Monasticism and Activity Patterns: Evaluating Osteoarthritis Distribution and Entheseal Changes in a Feminine Monastic Community (Santa Maria de Vallsanta, Spain)

Núria Montes and Maria Eulàlia Subirà

During the 12-13th AD, a feminine monastic expansion occurred in the northeast of the Iberian Peninsula, related to the Cisterian Reform. According to the literature, the daily activity of these communities was mainly based on farming and liturgical practice. Santa Maria de Vallsanta appears as an example of this event. The aim of this study is to evaluate the osteoarthritic prevalence and its distribution in this group, as well as entheseal changes, in order to reconstruct their activity pattern. The presence of osteoarthritis has been recorded in a sample of 14 female individuals corresponding to burials of abbesses and prioresses of Santa Maria de Vallsanta by two different scoring methods. Moreover, entheseal changes (from both upper and lower limb) have been analysed following the already contrasted method of Mariotti and colleagues, in order to assess the adequacy of osteoarthritis as a marker of occupational stress. Severe osteoarthritis has been observed even in individuals under the age of 40 in the group of abbesses and prioresses from Santa Maria de Vallsanta. The joints most severely affected are usually the elbows, wrists and knees. The entheses of the gluteus maximus muscle in the femur, soleus in the tibia, pectoralis major in the humerus and deltoideus in the clavicle are those that are most developed in the group. Farming and the liturgical practice may explain the prevalence and specific patterning of osteoarthritis and entheseal changes in this community. Despite the complexity of its aetiology, the systematic evaluation of osteoarthritis provides information on differences between individuals in the response to a stressful environment. A standardized method of registering the disease is strongly needed in order to enable comparisons between populations.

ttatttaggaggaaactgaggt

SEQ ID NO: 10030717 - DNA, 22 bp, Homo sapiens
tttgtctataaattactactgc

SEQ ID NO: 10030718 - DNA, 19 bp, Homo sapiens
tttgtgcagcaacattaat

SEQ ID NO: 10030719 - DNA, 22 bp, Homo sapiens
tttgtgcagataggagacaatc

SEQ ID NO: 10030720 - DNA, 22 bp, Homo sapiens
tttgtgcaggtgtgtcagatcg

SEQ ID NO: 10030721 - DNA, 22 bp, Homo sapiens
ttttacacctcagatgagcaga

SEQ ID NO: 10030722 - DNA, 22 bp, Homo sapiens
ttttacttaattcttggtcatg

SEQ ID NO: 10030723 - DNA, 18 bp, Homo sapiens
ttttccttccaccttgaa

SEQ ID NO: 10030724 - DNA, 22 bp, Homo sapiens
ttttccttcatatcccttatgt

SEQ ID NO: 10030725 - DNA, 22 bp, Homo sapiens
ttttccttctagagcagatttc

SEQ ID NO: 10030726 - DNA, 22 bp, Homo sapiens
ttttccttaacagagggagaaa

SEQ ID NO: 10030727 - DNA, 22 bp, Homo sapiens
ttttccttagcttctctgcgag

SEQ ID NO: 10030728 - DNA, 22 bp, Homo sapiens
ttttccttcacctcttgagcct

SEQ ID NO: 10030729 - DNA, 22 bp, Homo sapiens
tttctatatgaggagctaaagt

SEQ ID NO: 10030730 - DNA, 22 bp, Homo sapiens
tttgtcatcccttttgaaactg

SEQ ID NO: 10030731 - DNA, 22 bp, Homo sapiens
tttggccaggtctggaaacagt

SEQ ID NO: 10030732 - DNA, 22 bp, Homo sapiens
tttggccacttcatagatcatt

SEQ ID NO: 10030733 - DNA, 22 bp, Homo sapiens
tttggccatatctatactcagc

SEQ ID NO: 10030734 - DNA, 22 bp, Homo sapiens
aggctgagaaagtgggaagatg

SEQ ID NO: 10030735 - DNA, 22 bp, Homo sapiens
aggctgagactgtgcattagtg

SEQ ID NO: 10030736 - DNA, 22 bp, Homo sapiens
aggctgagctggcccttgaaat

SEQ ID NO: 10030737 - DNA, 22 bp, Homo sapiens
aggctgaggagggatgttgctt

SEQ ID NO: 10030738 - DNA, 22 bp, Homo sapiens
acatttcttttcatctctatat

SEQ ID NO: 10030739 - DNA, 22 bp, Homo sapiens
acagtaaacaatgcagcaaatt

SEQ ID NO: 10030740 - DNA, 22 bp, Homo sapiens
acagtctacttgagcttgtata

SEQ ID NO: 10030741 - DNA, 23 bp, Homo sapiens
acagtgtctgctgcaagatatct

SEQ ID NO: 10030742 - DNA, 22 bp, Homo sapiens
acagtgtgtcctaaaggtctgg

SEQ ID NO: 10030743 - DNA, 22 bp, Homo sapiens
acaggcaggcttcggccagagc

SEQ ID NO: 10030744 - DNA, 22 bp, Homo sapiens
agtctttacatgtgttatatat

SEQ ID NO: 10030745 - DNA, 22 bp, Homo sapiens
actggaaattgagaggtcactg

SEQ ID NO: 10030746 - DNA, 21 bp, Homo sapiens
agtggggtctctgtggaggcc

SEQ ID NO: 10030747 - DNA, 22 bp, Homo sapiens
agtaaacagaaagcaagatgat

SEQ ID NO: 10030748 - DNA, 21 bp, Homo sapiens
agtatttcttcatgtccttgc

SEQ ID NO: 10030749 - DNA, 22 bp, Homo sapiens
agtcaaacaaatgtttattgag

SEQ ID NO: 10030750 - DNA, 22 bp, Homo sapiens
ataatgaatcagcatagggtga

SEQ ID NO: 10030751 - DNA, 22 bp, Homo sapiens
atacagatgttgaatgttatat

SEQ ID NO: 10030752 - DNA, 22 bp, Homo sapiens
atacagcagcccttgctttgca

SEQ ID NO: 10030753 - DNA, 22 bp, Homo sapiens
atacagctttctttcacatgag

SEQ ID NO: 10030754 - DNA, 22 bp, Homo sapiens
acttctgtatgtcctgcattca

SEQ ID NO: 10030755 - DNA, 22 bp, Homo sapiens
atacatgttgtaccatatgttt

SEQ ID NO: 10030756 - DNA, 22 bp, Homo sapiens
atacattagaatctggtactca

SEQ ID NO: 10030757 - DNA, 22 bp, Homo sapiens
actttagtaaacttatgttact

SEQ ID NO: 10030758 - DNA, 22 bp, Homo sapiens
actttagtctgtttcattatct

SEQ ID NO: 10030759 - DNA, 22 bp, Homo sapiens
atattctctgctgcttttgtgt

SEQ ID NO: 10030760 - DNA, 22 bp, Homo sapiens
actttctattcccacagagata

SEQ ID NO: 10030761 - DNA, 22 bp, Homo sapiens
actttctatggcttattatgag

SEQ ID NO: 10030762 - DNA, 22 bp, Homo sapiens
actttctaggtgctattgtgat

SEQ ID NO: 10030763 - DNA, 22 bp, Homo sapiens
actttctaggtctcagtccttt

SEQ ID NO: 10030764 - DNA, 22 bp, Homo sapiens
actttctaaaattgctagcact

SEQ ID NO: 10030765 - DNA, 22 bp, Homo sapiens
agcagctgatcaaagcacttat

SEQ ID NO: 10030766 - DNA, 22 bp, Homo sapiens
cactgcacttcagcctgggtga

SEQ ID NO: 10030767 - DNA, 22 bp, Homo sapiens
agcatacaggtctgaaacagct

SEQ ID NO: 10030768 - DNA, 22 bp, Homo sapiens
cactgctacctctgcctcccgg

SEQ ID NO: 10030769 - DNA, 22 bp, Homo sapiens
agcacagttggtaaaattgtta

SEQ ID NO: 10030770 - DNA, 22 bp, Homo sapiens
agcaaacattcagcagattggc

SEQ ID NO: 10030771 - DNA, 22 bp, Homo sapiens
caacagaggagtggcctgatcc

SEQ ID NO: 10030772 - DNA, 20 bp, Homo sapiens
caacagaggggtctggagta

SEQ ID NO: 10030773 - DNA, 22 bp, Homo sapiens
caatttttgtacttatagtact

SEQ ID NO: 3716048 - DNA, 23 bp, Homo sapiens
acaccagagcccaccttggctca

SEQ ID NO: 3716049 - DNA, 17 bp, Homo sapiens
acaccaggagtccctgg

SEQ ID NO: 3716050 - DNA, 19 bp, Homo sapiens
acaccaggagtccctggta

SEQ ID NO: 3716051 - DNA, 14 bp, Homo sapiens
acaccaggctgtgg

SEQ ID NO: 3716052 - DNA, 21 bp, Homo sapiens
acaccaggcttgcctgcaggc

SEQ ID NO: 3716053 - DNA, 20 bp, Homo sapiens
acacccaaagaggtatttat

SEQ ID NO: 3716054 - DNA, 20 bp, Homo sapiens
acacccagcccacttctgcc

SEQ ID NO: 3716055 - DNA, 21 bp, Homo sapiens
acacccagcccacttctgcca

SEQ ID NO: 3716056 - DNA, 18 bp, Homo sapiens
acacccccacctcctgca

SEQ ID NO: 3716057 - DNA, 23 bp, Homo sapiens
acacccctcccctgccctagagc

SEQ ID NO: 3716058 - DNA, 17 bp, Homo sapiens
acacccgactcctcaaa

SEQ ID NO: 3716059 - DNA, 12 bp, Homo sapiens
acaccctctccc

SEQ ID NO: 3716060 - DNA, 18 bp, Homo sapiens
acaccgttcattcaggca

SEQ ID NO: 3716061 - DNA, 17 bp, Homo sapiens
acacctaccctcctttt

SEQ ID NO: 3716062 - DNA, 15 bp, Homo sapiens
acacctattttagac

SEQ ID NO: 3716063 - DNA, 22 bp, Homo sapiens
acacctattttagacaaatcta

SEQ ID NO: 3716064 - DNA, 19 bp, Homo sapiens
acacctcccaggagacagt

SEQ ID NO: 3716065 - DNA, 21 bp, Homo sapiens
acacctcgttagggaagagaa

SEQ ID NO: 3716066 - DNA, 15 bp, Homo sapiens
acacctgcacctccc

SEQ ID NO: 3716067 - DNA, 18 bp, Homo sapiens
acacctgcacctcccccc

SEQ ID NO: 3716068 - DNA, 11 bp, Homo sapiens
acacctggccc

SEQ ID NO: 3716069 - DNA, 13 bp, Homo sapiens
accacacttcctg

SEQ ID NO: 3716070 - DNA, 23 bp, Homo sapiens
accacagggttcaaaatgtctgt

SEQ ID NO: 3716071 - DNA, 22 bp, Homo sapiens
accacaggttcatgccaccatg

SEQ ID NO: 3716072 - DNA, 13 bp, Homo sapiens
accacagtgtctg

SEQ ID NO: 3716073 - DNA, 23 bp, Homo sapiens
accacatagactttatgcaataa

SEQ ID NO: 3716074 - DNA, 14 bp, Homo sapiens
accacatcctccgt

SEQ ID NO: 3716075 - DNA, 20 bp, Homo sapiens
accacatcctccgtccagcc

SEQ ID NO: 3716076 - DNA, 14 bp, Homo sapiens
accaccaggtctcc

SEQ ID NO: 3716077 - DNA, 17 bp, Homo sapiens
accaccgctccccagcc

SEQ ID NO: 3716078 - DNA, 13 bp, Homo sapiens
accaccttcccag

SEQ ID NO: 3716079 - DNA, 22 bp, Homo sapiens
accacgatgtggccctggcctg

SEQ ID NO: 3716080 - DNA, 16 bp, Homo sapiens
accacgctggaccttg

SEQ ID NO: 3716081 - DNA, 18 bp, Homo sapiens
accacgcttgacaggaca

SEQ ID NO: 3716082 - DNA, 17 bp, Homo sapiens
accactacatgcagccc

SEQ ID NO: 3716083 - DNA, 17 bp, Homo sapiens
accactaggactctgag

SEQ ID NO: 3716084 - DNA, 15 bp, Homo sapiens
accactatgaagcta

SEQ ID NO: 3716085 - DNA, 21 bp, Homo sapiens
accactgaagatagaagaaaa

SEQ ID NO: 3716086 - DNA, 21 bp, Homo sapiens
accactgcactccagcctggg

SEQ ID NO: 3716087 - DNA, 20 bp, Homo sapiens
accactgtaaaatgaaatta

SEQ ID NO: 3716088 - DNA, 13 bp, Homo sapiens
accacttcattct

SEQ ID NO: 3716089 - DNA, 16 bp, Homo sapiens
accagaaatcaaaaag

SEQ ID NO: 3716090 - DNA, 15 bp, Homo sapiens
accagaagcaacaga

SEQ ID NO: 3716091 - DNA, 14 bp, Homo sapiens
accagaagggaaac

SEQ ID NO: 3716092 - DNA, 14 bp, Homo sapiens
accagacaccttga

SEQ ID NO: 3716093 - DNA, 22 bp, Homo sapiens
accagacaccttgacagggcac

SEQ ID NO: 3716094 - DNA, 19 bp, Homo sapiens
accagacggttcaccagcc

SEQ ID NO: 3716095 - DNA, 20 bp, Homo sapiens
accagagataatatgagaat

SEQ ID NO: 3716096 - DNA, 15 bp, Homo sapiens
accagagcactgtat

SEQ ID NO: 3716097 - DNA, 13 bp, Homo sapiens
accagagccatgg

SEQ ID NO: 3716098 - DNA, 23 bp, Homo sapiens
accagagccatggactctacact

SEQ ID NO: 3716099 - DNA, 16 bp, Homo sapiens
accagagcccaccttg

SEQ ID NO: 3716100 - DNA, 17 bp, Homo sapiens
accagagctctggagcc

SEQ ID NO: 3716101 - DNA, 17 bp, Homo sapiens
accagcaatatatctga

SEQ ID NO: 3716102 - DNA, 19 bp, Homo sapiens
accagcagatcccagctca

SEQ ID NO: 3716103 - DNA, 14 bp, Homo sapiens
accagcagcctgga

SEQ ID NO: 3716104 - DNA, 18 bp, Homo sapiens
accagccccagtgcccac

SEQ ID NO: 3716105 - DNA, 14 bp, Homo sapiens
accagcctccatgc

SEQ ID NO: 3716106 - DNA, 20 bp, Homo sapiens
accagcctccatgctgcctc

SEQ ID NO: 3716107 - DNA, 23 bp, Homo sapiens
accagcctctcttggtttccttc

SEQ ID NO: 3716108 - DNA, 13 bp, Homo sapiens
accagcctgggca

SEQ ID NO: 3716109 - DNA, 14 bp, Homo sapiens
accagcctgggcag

Osteoarthritis, entheseal changes, markers of occupational stress, monasticism, Middle Ages